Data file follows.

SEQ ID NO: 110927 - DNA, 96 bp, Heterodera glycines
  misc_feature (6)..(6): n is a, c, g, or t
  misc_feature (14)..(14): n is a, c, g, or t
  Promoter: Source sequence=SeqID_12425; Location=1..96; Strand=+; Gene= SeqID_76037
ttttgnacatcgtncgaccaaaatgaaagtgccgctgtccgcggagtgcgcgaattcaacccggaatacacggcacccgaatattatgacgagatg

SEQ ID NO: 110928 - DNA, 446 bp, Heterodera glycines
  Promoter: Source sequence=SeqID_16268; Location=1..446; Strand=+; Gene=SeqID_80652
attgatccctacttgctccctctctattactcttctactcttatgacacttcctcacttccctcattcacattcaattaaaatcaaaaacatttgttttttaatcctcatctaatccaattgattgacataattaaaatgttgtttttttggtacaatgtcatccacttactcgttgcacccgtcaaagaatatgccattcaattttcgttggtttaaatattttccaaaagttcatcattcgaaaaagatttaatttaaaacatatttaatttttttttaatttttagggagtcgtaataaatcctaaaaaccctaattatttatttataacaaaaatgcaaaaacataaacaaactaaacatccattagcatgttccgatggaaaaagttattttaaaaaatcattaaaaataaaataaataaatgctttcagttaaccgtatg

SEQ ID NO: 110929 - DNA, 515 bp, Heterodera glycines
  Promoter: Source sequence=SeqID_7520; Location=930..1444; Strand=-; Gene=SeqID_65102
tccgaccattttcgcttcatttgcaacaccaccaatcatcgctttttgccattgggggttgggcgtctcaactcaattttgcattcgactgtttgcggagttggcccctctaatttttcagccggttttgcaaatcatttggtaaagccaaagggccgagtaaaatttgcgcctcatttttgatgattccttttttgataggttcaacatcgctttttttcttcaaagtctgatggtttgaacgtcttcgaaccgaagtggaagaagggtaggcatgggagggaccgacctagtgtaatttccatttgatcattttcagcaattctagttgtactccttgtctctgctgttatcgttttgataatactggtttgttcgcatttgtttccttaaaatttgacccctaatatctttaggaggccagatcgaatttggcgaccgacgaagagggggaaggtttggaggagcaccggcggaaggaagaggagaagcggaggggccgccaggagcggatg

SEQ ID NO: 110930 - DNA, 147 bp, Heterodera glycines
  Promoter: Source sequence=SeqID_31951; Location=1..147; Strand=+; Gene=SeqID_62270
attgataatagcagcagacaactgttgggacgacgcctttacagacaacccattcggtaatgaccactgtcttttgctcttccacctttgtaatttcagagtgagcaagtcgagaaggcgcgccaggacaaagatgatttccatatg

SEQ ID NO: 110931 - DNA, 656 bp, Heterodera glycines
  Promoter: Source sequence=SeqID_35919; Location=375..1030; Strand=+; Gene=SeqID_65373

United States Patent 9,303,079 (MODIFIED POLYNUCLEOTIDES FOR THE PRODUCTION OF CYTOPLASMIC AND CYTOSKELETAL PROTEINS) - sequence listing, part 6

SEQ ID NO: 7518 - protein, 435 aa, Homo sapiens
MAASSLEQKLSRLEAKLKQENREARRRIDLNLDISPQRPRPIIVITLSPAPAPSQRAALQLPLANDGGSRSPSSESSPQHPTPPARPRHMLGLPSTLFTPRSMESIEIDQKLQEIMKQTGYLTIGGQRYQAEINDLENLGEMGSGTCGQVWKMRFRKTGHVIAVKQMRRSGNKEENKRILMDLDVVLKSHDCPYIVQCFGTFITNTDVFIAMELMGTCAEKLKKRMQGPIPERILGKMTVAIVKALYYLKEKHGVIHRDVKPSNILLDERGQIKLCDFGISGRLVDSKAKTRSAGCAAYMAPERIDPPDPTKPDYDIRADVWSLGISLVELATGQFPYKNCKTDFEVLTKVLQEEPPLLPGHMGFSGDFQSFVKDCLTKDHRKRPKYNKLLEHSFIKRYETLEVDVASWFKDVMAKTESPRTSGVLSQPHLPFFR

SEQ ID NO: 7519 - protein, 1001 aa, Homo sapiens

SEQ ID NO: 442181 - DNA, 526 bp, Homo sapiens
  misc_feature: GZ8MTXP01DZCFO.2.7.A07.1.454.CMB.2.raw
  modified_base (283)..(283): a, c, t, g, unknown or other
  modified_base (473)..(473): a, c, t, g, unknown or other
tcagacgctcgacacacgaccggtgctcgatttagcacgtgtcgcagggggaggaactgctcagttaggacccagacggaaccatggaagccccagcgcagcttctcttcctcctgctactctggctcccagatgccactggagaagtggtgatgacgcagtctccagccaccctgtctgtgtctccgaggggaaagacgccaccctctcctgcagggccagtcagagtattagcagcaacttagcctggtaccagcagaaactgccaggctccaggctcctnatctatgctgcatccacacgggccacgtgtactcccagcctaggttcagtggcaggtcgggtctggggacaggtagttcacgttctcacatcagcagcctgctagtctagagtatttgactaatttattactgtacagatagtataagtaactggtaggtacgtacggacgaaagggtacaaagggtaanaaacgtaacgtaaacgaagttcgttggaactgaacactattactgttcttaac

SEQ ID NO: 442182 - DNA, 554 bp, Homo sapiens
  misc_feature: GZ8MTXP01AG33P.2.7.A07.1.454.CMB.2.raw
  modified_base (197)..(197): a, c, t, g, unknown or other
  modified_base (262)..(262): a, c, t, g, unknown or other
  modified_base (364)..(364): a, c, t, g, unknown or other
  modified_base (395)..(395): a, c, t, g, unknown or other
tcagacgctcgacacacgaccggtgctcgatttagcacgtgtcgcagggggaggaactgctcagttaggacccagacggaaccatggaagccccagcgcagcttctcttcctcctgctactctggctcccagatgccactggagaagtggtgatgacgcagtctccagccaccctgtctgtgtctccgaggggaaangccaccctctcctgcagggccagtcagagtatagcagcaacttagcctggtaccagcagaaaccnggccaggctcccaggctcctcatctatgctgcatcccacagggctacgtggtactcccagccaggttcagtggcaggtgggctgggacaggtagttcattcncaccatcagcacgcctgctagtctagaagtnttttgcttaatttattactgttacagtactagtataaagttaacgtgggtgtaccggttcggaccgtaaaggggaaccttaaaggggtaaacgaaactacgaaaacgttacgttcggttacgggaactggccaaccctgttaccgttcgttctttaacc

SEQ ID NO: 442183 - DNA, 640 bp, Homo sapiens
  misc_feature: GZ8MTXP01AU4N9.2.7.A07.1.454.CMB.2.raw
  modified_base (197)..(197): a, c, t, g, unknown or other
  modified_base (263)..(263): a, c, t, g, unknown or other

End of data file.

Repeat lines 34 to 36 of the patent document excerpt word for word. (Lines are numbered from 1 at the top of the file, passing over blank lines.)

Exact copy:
  misc_feature: GZ8MTXP01AU4N9.2.7.A07.1.454.CMB.2.raw
  modified_base (197)..(197): a, c, t, g, unknown or other
  modified_base (263)..(263): a, c, t, g, unknown or other